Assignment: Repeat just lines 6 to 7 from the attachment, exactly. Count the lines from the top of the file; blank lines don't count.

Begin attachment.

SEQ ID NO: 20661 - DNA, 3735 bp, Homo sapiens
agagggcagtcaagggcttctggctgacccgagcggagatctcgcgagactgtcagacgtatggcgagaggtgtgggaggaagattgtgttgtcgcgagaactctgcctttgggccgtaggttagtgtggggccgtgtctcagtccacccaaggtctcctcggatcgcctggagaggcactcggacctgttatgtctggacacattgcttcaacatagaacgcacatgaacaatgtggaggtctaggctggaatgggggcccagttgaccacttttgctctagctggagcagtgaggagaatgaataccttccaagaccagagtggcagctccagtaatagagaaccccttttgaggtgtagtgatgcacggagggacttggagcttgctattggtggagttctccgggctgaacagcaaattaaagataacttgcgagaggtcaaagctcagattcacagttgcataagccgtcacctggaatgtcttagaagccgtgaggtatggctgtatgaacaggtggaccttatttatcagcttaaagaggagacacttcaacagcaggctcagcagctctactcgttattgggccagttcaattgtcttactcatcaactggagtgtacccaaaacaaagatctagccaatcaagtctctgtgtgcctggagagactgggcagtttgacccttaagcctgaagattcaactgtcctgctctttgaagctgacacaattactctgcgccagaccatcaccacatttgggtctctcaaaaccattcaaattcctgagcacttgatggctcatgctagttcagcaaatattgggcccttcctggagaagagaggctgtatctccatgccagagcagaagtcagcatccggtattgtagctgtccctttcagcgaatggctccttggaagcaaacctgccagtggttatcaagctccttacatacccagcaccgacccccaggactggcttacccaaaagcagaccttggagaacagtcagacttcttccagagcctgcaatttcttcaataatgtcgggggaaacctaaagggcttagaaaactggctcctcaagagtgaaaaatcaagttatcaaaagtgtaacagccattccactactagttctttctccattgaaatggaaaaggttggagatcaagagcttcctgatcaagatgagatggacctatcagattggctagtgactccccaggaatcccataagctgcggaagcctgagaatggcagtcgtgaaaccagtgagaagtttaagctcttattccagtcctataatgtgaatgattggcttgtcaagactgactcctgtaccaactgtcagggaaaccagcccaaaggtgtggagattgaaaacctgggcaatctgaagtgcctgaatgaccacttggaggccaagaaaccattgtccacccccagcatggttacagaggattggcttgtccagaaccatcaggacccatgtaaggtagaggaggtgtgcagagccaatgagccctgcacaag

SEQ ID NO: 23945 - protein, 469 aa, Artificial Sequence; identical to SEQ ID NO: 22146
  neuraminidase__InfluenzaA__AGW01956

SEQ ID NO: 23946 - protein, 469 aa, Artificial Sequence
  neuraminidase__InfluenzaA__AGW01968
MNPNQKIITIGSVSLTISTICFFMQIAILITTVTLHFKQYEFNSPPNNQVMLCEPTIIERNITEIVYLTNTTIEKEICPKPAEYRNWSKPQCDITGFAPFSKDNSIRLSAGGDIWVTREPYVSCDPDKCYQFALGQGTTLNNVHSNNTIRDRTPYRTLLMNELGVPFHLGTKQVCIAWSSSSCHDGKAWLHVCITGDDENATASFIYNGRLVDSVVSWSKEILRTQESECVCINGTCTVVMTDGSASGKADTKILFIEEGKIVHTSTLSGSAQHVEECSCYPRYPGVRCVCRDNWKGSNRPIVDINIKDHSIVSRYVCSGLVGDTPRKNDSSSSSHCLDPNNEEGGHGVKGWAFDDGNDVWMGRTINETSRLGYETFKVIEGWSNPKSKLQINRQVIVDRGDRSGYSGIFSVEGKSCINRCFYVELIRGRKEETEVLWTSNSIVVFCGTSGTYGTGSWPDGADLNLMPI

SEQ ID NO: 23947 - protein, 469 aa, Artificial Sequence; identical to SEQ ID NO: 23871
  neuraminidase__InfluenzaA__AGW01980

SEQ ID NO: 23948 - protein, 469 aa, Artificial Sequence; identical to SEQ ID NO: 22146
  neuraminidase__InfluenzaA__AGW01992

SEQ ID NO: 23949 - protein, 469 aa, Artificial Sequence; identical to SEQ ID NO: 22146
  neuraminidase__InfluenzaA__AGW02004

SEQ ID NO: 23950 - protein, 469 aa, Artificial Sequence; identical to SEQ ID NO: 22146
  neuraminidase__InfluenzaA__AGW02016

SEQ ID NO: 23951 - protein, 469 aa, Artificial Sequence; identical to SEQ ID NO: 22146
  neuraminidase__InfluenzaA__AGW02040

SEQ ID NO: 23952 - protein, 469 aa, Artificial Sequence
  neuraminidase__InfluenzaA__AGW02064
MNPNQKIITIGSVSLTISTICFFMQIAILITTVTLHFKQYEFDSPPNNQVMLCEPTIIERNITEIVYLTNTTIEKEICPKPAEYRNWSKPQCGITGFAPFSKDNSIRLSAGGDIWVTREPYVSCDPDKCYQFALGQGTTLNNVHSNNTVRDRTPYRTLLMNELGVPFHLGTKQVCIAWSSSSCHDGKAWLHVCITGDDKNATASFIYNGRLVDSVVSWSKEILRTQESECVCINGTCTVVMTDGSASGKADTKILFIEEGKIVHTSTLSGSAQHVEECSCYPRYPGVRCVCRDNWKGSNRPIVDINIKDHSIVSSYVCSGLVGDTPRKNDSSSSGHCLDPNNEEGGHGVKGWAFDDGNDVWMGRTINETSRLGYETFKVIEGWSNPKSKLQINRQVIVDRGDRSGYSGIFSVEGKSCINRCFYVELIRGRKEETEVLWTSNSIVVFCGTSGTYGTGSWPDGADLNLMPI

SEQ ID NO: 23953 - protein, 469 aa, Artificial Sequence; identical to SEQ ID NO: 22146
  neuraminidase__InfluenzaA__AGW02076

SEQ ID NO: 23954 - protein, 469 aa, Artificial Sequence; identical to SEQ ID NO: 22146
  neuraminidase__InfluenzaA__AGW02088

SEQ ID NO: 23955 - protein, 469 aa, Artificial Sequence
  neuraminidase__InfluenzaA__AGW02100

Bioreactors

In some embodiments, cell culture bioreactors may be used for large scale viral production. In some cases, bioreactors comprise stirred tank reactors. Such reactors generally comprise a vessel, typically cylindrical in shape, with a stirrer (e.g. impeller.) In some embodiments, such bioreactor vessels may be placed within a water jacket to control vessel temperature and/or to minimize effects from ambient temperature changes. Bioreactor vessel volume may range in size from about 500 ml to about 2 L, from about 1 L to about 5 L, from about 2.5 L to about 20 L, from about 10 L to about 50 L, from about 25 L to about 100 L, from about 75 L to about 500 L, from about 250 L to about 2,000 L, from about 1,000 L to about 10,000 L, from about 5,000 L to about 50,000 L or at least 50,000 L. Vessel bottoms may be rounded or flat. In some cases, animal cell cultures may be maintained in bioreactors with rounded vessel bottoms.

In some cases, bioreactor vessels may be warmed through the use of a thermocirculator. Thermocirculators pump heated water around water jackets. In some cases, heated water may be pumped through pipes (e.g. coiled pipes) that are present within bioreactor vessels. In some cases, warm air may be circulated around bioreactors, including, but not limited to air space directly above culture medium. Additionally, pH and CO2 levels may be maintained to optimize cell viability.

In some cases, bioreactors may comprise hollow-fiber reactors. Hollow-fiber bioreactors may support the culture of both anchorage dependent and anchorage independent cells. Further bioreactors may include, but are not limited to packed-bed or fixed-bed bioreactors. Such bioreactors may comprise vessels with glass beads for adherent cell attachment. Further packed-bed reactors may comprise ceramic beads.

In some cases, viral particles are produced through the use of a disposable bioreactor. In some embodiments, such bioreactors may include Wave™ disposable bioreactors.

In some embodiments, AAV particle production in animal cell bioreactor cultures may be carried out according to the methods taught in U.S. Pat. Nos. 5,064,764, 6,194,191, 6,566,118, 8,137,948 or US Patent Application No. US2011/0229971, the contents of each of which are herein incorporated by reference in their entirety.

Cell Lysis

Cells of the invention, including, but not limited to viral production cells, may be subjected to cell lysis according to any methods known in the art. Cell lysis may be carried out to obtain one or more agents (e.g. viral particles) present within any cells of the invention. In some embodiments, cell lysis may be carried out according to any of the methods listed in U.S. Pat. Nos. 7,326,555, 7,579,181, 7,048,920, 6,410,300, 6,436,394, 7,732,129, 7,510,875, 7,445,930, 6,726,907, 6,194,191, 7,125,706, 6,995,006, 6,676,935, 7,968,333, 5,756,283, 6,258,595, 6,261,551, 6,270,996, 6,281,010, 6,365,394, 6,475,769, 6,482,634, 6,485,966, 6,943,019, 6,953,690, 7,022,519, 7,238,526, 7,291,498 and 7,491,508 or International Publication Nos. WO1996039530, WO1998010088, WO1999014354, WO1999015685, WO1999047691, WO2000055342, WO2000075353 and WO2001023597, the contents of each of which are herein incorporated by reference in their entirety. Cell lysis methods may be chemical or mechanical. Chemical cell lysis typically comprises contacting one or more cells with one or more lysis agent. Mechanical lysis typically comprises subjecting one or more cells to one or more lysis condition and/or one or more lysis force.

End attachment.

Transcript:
  neuraminidase__InfluenzaA__AGW01968
MNPNQKIITIGSVSLTISTICFFMQIAILITTVTLHFKQYEFNSPPNNQVMLCEPTIIERNITEIVYLTNTTIEKEICPKPAEYRNWSKPQCDITGFAPFSKDNSIRLSAGGDIWVTREPYVSCDPDKCYQFALGQGTTLNNVHSNNTIRDRTPYRTLLMNELGVPFHLGTKQVCIAWSSSSCHDGKAWLHVCITGDDENATASFIYNGRLVDSVVSWSKEILRTQESECVCINGTCTVVMTDGSASGKADTKILFIEEGKIVHTSTLSGSAQHVEECSCYPRYPGVRCVCRDNWKGSNRPIVDINIKDHSIVSRYVCSGLVGDTPRKNDSSSSSHCLDPNNEEGGHGVKGWAFDDGNDVWMGRTINETSRLGYETFKVIEGWSNPKSKLQINRQVIVDRGDRSGYSGIFSVEGKSCINRCFYVELIRGRKEETEVLWTSNSIVVFCGTSGTYGTGSWPDGADLNLMPI